Mr. and Mrs. Bennet have five unmarried daughters, and Mrs. Bennet is especially eager to find suitable husbands for them. When the rich single gentlemen Mr. Bingley and Mr. Darcy come to live nearby, the Bennets have high hopes. But pride, prejudice, and misunderstandings all combine to complicate their relationships and to make happiness difficult.Written by
Sir Laurence Olivier said of this movie, "I was very unhappy with the picture. It was difficult to make Darcy into anything more than an unattractive-looking prig, and darling Greer seemed to me all wrong as Elizabeth." See more »
At one point, Mr Darcy suggests to Elizabeth that they should "call it quits". There is no recorded instance of this expression before 1851, decades after the film is set. See more »
Look at them! Five of them without dowries. What's to become of them?
Yes, what's to become of the wretched creatures? Perhaps we should have drowned some of them at birth.
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Opening credits prologue: It happened in OLD ENGLAND . . . . in the village of Meryton . . . . See more »
It does not run along the lines of the Jane Austen classic, but the 1940 movie was actually based on the stage adaption, eventually purchased by the MGM studio as what could have become another Norma Shearer expensive spectacle. Like many other projects at the studio, this collected dust after the death of Irving Thalberg, head of MGM.
Thankfully, new casting was decided on. Shearer of course is really too old for the role. The result was what I believe to be one of the most memorable movies of the 1940s. Austen's classic comedy of manners still has all its light touches of romance and humour, with the horrors of English 1800s, loss of estate, inheritance and destined sinking with no worldly stature for a family of five girls with no male heirs.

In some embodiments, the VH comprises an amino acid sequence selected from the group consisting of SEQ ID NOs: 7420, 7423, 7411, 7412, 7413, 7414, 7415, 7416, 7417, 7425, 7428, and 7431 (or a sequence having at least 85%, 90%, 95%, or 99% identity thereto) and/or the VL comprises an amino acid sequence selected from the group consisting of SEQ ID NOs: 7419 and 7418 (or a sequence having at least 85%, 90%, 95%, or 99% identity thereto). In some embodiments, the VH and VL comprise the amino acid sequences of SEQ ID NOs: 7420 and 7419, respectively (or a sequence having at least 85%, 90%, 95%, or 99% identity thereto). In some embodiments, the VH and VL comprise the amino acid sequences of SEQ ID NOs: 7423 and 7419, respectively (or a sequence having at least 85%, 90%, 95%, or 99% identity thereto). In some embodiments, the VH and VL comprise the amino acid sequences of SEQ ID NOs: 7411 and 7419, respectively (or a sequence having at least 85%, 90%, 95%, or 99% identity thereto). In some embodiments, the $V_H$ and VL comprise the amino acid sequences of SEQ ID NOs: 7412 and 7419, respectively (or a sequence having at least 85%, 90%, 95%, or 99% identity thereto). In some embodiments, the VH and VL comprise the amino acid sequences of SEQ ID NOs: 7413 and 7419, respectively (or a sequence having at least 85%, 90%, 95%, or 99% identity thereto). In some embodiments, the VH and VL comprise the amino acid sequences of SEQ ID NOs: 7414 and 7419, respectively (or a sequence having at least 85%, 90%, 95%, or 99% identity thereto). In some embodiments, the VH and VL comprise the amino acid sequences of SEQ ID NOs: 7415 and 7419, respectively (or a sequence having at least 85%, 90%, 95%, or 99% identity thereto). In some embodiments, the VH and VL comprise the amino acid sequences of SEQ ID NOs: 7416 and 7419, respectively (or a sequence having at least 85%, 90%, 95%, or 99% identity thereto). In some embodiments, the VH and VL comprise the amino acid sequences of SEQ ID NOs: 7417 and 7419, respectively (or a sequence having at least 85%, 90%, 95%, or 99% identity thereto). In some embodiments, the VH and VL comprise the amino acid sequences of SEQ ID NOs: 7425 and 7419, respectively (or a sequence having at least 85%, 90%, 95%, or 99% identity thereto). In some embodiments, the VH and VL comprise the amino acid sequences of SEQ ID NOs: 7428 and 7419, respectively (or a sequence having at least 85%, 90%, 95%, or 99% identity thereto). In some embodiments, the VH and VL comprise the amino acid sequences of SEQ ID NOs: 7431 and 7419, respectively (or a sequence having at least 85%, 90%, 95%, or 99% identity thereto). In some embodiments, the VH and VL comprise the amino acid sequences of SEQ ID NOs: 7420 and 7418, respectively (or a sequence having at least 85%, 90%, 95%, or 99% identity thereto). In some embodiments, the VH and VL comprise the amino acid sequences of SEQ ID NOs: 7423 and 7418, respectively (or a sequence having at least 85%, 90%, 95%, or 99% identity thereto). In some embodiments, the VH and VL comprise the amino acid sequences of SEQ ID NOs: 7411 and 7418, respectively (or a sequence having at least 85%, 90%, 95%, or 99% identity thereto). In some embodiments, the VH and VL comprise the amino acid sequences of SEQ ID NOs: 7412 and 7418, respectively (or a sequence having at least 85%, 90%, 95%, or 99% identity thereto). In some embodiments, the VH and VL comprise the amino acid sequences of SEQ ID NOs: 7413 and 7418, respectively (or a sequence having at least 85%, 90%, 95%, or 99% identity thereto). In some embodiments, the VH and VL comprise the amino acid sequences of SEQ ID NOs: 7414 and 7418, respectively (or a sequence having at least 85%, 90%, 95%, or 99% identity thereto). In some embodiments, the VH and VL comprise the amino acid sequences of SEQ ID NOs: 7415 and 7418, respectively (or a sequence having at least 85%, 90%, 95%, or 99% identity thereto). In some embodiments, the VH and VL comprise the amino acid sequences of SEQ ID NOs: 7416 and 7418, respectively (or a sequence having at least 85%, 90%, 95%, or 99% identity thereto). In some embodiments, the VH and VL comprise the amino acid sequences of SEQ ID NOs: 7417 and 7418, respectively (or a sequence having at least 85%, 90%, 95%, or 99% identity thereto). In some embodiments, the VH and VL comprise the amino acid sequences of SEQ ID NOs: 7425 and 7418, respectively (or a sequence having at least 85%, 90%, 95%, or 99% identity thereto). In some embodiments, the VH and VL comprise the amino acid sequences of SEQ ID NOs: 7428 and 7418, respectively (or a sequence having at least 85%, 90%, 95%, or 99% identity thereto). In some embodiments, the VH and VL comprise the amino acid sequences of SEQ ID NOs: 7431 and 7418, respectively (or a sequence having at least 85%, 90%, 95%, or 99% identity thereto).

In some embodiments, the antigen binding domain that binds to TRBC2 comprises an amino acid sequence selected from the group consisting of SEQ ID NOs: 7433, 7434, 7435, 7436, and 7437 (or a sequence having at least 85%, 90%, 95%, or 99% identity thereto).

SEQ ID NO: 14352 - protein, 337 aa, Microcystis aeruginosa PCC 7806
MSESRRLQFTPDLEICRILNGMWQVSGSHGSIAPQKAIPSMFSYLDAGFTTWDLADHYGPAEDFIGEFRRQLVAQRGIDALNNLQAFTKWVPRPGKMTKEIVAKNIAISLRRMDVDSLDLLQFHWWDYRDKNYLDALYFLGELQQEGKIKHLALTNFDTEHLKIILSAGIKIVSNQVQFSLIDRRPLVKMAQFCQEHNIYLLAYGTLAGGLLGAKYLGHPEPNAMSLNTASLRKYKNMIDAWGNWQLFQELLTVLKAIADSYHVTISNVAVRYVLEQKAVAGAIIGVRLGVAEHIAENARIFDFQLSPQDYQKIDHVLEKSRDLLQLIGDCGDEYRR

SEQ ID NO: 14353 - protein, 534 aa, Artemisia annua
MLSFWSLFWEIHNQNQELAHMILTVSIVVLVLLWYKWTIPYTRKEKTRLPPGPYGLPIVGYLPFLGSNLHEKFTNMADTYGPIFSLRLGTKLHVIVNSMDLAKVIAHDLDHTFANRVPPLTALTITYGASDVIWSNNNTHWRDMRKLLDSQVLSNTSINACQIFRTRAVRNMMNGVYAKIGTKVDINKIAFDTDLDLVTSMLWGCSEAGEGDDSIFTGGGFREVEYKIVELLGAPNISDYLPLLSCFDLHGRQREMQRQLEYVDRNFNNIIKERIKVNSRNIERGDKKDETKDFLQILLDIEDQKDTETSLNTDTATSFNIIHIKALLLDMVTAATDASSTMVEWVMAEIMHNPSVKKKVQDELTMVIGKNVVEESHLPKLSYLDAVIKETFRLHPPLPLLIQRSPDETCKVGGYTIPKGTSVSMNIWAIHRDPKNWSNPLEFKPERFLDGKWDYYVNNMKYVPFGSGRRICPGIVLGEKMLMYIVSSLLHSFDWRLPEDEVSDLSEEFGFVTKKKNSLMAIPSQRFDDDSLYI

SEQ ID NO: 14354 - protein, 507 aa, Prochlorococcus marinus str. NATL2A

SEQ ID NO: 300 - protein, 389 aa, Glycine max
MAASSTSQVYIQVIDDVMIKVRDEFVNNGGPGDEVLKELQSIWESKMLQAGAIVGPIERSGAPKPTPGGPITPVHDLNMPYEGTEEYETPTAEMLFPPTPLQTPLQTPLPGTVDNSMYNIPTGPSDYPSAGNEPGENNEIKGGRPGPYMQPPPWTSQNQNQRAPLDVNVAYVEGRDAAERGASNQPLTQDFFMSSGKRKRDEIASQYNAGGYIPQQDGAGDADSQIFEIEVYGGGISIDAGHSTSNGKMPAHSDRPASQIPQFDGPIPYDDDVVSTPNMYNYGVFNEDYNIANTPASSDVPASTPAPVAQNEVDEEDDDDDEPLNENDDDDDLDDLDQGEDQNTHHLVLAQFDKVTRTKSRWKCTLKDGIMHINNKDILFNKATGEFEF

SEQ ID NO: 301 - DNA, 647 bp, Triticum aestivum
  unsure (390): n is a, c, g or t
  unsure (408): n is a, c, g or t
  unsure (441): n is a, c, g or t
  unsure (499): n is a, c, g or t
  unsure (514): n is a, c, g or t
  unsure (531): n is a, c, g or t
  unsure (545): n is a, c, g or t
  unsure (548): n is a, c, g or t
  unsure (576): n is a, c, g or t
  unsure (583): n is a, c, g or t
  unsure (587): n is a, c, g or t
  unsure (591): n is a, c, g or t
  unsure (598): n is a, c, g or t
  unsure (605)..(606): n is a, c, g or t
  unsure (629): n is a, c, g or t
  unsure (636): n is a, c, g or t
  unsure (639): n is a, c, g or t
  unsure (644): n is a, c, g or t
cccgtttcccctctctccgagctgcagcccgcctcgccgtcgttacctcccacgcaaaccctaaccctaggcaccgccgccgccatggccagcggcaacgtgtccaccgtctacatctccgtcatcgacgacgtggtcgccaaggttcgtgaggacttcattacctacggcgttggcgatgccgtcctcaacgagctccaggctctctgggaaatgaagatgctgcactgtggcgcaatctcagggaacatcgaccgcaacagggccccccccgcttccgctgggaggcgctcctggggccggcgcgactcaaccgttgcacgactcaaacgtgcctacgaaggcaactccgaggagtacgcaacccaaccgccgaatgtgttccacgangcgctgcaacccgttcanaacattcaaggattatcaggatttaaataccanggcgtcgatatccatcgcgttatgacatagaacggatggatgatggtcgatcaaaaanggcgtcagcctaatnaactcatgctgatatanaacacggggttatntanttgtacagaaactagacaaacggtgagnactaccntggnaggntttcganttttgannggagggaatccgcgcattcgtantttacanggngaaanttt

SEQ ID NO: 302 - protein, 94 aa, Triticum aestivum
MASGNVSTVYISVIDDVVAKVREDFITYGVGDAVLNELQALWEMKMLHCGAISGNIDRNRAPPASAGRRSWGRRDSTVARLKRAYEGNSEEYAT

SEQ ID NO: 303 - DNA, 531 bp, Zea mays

Amicably backed by a competent supporting cast including Edmund Gwenn and Mary Boland, the star of the show is really Greer Garson. Fresh from her successful debut as Robert Donat's wife in "Goodbye Mr Chips", Garson is really like Lizzy Bennett herself, charming, high spirited and strong willed. It is one of her best roles, just before she became the 'first lady' of MGM. Olivier, brooding and snobbish as the high classed Darcy, also performs well, but is still outshone by Garson.
Tasteful sets, costumes, music and art decoration helped to make this such a huge success in its day. All the right elements of acting, script and direction have made this a production that should be better remembered. We don't relate to the dilemnas of costume period drama days, but "Pride and Prejudice" is great cinematically to have lost little of its charm or its timeless appeal.
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